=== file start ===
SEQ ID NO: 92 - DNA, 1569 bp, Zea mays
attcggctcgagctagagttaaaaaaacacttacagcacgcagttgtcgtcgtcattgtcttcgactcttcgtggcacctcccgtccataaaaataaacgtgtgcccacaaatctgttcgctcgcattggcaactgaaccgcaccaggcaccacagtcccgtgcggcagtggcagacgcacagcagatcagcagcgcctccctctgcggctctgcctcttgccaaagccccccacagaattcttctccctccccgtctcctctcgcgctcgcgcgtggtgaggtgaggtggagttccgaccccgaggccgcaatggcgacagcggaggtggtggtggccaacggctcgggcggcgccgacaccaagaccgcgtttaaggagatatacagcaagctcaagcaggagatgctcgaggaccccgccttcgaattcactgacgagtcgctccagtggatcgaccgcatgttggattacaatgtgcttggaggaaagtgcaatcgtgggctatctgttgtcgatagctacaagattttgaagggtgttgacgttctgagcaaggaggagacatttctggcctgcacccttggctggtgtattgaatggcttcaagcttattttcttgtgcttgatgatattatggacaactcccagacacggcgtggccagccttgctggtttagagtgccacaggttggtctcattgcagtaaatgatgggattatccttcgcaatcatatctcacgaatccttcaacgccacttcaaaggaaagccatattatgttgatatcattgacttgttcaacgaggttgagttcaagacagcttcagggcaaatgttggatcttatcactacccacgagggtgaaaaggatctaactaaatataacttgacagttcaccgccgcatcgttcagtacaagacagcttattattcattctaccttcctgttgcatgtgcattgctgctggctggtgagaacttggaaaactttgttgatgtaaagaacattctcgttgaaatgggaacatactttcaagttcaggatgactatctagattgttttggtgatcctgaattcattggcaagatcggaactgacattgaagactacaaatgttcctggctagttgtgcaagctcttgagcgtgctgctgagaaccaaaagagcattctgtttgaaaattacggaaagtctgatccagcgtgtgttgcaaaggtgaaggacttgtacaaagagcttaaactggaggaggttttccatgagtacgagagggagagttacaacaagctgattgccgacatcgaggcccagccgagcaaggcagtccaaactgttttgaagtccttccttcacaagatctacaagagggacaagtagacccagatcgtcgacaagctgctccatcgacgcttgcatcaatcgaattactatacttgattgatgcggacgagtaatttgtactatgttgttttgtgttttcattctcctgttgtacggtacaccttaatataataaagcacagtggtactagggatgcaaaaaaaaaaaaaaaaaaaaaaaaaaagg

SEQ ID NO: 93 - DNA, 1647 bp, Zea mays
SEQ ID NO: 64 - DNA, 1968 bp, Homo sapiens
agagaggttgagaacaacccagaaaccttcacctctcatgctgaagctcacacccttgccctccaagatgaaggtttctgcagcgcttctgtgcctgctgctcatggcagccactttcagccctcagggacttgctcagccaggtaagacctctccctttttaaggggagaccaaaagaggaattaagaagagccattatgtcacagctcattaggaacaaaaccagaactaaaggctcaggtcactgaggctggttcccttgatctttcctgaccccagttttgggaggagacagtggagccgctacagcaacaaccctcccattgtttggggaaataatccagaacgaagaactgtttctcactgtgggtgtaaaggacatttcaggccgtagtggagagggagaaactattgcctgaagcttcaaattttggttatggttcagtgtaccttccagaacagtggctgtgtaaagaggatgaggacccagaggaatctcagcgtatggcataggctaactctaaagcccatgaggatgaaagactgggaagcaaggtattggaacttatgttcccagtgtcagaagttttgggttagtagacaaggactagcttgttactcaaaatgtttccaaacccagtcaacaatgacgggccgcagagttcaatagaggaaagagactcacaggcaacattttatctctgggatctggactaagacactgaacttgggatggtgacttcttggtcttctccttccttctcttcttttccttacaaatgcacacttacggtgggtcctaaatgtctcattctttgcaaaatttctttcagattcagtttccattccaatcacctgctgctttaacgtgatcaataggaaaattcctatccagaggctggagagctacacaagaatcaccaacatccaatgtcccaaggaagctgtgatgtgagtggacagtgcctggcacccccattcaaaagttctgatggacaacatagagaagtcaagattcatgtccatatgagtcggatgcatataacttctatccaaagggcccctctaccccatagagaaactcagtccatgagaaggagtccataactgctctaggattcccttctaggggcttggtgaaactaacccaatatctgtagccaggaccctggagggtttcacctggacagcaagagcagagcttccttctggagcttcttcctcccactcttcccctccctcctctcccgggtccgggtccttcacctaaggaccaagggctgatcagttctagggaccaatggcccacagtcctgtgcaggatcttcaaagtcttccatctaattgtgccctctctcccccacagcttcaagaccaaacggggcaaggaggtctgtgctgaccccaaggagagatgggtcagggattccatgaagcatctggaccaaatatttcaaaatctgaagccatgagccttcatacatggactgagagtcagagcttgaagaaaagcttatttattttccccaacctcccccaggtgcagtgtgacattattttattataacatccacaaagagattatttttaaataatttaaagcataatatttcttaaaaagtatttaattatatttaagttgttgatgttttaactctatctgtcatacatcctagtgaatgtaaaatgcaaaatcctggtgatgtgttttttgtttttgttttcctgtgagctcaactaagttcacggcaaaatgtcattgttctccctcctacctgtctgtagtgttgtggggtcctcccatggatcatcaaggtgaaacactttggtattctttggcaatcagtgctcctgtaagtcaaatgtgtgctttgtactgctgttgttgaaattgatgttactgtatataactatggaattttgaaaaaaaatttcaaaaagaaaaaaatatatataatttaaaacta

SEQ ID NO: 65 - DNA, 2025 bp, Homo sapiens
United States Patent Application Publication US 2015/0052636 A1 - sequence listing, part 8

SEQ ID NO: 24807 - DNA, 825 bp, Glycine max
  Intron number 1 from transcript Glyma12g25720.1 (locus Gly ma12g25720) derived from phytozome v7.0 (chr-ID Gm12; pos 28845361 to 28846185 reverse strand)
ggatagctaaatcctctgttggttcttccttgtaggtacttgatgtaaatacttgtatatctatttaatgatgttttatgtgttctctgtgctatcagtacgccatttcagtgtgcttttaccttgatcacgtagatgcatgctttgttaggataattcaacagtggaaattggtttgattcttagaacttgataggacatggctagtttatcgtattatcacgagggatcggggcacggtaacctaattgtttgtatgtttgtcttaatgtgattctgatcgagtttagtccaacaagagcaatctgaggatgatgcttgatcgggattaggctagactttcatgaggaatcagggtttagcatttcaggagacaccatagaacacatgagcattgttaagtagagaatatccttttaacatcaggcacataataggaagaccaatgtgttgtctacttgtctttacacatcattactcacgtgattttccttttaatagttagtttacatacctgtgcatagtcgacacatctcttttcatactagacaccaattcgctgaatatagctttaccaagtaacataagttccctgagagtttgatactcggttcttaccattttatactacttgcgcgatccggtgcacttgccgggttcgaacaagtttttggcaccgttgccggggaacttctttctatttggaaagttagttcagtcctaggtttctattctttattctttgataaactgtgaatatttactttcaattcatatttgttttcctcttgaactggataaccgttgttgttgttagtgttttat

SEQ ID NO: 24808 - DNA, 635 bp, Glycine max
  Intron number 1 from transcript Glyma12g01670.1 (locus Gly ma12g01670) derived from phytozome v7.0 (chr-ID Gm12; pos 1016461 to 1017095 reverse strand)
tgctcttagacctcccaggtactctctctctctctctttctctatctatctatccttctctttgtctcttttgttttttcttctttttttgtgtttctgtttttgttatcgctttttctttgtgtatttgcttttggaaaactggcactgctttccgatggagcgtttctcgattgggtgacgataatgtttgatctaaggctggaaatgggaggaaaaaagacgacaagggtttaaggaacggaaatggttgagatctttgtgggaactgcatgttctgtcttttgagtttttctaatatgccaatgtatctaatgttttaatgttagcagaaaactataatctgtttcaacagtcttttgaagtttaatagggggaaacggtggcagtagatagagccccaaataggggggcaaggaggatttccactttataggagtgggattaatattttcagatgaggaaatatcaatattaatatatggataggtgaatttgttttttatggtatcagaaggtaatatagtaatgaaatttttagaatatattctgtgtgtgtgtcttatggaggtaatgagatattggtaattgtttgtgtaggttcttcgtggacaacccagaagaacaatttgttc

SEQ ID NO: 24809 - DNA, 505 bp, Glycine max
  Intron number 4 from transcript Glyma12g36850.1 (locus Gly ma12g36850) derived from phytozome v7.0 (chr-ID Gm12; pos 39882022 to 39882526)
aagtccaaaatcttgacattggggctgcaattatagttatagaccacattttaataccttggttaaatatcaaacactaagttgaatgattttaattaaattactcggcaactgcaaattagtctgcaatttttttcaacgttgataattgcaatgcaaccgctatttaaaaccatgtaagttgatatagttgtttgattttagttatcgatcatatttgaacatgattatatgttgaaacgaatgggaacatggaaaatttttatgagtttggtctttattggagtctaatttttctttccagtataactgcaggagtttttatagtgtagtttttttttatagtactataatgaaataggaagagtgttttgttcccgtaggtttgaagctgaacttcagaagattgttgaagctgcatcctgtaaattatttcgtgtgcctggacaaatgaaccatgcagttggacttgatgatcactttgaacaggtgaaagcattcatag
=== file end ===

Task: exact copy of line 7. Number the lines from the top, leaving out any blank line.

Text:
United States Patent Application Publication US 2015/0052636 A1 - sequence listing, part 8